Bailiffs were sent to visit more than 200,000 motorists who failed to pay bridge tolls last year.
New figures from Highways England revealed that 200,610 drivers who did not pay the Dart Charge, for the Dartford Crossing between Kent and Essex, were visited by debt collectors.
The automated toll was introduced in November 2014 in an effort to ease congestion and help traffic at one of the countries busiest roads.
In 2016 alone, there were 99 million chargeable journeys made at the Dartford Crossing - but not all of them paid their way.
Last year was the first year Highways England's contract with debt recovery companies were fully operational.
The government-owned company said one warrant was issued for each unpaid charge notice - a customer can be given two PCNs, meaning two warrants would have been issued.
The figures mean almost one in every 500 journeys could have a warrant executed for payment.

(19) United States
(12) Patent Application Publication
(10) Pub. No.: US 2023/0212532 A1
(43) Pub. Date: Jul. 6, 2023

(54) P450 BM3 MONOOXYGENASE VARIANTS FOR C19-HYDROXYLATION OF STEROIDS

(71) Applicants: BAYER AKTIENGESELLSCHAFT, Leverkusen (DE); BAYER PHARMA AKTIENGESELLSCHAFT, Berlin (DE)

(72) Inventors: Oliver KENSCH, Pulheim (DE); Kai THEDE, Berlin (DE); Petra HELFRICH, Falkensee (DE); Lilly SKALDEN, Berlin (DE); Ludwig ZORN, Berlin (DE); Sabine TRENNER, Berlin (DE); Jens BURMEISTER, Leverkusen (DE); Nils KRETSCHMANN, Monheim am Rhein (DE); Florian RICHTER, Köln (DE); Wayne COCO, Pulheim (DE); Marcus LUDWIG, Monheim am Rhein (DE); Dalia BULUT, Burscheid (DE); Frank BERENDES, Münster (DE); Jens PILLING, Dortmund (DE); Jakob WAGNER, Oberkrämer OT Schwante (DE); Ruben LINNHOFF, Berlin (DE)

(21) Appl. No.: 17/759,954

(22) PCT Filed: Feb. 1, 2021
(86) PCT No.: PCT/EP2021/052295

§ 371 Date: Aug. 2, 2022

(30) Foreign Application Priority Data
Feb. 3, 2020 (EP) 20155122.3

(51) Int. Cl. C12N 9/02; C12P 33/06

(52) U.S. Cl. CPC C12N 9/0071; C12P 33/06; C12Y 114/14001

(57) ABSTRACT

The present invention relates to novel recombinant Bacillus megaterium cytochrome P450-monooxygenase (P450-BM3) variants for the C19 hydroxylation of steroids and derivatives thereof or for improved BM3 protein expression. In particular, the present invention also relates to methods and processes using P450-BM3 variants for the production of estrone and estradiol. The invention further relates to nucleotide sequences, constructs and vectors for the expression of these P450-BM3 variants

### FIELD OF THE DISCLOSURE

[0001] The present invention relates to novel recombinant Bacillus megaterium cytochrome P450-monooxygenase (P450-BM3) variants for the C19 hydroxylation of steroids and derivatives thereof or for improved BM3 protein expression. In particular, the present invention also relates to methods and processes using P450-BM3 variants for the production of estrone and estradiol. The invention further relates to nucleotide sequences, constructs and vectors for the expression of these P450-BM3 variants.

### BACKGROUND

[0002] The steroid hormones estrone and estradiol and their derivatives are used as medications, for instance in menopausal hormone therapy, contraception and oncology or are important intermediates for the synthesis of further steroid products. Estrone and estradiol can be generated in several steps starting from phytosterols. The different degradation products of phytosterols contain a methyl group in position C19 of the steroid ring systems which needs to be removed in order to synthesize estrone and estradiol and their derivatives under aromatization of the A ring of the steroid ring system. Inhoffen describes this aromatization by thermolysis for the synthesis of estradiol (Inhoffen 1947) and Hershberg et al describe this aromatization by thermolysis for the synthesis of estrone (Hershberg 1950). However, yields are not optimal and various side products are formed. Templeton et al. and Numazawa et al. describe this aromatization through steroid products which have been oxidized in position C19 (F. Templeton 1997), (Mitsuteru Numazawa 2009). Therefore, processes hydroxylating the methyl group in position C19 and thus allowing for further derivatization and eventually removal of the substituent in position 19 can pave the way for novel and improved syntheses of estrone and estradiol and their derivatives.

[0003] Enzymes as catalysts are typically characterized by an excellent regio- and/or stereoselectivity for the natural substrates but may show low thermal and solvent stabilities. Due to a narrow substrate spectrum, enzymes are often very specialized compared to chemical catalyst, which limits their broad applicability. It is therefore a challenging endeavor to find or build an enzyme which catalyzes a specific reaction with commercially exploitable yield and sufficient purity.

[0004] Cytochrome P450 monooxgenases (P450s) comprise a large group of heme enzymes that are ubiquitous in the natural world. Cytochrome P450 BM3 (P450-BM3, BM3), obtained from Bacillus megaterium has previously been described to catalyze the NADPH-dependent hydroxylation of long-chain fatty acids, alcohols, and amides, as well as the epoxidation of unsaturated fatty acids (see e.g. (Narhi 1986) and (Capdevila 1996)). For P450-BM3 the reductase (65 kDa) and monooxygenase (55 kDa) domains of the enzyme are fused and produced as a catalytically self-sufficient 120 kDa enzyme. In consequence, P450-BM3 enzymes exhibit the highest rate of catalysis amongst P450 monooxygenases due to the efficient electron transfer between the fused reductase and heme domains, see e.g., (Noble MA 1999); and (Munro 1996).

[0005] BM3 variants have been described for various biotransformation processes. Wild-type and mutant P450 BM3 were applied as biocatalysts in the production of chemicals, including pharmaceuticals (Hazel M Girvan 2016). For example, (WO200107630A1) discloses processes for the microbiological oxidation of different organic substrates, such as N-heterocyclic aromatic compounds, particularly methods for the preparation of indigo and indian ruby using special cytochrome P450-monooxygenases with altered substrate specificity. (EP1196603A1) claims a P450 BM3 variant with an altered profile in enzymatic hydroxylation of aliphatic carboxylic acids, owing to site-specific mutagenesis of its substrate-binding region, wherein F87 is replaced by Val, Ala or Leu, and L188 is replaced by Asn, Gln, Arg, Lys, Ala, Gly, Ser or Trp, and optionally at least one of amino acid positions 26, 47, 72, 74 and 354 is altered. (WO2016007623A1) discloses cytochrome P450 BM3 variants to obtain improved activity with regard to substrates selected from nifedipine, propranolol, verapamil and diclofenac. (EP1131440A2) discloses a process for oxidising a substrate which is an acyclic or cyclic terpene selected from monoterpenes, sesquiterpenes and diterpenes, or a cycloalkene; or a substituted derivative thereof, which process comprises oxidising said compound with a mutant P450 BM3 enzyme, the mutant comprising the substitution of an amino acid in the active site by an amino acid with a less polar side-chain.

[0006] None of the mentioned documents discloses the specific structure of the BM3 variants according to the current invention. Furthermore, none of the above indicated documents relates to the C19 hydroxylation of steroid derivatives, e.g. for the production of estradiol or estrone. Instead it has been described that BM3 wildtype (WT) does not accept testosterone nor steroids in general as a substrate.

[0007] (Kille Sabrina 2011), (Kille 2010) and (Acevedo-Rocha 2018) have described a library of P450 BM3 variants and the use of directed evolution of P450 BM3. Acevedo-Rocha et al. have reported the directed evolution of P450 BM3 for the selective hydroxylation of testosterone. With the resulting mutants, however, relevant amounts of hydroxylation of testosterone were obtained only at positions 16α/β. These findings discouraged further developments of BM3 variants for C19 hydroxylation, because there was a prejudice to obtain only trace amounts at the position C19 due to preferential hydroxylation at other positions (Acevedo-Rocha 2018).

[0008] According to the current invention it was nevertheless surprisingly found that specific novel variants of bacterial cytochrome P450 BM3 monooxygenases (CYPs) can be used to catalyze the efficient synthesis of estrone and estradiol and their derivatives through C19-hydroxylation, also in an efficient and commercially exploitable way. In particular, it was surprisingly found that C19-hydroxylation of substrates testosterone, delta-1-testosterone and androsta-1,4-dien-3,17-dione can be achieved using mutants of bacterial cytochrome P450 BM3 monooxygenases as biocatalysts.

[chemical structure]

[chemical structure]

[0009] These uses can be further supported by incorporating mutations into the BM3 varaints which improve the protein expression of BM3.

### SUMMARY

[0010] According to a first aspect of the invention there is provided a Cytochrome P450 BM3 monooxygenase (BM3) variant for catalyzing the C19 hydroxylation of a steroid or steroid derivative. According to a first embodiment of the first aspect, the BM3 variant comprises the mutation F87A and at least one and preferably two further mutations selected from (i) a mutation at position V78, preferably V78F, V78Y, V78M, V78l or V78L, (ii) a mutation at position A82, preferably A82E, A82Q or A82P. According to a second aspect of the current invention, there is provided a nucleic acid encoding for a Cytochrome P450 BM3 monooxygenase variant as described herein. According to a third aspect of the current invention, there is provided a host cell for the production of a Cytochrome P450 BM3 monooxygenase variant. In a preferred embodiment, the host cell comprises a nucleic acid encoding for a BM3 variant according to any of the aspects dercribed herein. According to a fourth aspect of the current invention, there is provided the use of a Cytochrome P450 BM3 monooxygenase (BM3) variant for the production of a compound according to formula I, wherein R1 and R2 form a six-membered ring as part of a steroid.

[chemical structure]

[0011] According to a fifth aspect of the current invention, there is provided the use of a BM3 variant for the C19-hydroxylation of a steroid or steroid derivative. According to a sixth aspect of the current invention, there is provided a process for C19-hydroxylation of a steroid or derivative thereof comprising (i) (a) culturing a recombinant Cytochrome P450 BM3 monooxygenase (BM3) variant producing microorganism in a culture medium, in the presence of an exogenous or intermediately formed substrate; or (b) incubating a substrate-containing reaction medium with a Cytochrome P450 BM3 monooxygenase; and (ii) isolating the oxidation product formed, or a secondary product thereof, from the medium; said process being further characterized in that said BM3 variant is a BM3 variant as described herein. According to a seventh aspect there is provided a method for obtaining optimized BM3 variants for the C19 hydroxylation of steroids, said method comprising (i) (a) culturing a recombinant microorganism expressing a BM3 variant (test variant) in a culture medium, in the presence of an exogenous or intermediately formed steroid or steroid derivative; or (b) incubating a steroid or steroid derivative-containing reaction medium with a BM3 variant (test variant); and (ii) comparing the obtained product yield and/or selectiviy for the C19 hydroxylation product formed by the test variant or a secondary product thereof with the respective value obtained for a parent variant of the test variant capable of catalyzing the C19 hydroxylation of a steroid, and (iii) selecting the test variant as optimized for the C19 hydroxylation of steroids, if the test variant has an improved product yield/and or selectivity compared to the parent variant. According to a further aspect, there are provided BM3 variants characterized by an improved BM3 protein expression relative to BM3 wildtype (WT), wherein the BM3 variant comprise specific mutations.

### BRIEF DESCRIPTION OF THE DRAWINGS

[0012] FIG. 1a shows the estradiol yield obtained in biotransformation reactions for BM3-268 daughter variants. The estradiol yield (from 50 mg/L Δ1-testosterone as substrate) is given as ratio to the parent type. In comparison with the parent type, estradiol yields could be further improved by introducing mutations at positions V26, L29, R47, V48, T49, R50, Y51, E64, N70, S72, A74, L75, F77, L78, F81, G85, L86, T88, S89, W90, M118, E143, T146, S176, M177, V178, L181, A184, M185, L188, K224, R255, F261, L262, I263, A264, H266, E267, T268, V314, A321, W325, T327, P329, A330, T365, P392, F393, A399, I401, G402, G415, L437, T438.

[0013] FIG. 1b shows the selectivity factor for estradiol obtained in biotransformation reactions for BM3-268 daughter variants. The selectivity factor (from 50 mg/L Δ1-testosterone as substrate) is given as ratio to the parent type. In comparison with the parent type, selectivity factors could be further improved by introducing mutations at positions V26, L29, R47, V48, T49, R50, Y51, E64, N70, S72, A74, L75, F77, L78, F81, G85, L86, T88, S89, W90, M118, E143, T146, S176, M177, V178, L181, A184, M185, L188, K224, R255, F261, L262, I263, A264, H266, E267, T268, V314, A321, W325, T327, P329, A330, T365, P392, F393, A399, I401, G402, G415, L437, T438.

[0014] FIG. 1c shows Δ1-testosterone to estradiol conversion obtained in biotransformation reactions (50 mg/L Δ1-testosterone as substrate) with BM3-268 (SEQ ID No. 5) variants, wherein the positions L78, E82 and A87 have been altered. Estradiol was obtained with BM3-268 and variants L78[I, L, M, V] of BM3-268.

A spokesman for Highways England said the money collected from charging schemes at the Crossing is spent on transport.
Dart Charge has removed a significant source of congestion at the Dartford Crossing, and the vast majority of drivers are paying their Dart Charge on time. We have to be clear that people using the Dartford Crossing need to pay their Dart Charge. But we work hard to help people avoid a penalty wherever possible. Court-appointed enforcement agents are only ever used as a last resort to chase up non-payment, and only when each case has been authorised by the courts.
Highways England have made more than £53million from fines since the toll booths were removed in November 2014.> The figure is almost a third of the crossing's £161m annual income, which rose by £62m on the previous year.> The 'Dart Charge' is currently £2.50 for cars and £3 or £6 for buses, vans and lorries and motorists can pay by phone, app, online, postal or Payzone services.